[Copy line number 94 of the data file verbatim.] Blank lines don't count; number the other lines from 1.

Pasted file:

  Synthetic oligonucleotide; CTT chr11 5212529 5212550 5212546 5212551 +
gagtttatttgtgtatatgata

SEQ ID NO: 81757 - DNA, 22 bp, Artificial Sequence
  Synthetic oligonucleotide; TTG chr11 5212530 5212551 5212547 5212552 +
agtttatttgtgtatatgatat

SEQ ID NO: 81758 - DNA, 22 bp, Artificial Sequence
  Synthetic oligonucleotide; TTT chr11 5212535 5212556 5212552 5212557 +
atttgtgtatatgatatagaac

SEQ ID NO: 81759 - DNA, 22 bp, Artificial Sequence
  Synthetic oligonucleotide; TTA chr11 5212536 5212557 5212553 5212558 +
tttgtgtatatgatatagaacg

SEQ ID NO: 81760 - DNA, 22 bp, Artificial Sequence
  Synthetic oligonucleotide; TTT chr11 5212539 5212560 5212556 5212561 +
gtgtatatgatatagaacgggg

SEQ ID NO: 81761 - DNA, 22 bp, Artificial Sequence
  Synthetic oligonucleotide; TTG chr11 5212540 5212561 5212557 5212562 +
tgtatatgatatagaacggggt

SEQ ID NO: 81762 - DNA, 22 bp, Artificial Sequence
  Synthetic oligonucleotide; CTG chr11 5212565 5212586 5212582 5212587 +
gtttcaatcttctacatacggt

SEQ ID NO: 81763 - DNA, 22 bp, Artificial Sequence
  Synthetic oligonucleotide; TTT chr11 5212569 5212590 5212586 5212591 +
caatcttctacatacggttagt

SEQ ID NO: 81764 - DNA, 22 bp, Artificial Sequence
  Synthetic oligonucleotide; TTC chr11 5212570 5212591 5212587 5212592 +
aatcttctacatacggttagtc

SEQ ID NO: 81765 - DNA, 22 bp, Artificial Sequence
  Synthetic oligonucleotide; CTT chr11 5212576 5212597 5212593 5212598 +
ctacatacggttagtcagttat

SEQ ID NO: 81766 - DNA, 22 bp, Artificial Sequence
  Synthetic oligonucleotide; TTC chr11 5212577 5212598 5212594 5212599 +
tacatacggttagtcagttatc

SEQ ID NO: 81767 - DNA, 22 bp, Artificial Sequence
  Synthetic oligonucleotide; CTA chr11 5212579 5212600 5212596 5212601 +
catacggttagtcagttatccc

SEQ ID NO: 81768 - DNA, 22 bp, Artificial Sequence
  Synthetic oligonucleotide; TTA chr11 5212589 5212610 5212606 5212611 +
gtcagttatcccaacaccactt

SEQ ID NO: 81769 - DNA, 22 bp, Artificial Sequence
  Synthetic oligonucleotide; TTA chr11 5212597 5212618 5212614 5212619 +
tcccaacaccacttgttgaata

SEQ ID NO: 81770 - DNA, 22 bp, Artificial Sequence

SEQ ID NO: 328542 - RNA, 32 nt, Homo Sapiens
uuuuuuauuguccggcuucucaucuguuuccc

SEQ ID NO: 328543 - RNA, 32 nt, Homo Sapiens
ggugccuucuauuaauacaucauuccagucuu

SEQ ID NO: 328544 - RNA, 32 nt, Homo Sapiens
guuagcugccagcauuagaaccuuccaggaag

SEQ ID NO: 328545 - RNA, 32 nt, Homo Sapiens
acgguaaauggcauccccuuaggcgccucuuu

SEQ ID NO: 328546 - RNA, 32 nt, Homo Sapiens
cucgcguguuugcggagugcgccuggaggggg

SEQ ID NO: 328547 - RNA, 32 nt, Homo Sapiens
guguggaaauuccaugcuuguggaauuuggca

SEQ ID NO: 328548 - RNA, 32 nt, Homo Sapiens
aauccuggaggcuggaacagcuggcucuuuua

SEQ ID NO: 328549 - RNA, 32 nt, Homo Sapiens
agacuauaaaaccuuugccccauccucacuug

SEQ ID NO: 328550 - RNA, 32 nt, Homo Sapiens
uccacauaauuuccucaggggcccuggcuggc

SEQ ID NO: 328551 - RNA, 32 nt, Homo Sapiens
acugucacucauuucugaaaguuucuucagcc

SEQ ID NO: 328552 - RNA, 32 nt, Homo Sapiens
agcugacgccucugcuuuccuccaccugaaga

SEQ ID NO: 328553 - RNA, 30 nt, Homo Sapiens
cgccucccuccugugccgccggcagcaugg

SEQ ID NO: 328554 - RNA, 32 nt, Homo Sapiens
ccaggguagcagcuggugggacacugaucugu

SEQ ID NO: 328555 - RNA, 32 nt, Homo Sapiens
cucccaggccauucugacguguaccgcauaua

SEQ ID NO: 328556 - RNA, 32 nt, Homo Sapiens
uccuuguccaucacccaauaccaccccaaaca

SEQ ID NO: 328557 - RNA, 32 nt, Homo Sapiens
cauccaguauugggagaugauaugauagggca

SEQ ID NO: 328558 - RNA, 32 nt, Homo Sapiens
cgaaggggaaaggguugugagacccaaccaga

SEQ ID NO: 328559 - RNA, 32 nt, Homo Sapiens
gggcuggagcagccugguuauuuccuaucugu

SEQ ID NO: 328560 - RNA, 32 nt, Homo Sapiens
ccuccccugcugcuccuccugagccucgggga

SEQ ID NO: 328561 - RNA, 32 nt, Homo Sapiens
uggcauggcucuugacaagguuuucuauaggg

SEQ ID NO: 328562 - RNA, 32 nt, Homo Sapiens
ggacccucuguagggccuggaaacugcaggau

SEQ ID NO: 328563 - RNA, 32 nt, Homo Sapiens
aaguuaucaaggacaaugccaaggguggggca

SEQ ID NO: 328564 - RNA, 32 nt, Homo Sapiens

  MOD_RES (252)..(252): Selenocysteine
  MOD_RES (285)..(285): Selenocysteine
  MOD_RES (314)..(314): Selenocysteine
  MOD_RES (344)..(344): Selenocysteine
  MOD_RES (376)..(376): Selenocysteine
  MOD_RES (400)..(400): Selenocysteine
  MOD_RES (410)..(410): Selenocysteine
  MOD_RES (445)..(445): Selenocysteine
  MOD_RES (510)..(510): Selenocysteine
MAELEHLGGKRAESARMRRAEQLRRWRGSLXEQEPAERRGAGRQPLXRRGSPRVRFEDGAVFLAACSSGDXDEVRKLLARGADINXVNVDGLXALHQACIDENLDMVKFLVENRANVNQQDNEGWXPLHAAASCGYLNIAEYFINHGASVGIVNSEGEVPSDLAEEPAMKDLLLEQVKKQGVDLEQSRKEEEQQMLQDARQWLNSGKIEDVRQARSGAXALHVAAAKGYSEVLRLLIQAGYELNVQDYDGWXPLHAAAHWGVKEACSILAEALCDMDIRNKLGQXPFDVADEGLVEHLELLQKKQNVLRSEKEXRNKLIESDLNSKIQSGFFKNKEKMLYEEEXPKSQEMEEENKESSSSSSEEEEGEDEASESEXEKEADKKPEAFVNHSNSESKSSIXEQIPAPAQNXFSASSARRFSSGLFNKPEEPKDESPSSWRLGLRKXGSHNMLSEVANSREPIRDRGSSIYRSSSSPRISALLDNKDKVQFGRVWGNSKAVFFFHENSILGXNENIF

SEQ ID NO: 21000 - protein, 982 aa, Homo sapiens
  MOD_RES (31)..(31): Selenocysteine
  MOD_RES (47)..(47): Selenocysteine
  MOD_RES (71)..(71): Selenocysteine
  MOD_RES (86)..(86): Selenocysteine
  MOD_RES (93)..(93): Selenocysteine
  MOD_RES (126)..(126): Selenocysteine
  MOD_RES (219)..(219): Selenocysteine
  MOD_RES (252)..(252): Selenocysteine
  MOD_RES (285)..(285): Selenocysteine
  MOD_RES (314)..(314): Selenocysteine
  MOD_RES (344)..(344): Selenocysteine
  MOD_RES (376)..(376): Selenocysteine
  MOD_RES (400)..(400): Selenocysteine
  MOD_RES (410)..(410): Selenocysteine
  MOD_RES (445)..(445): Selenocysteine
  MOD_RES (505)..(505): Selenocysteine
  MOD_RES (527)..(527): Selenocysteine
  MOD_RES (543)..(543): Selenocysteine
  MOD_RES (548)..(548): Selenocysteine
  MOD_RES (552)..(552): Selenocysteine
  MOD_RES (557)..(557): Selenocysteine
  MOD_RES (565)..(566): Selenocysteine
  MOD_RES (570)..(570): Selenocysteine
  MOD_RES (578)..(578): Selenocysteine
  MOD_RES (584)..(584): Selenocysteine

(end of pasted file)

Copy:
  MOD_RES (410)..(410): Selenocysteine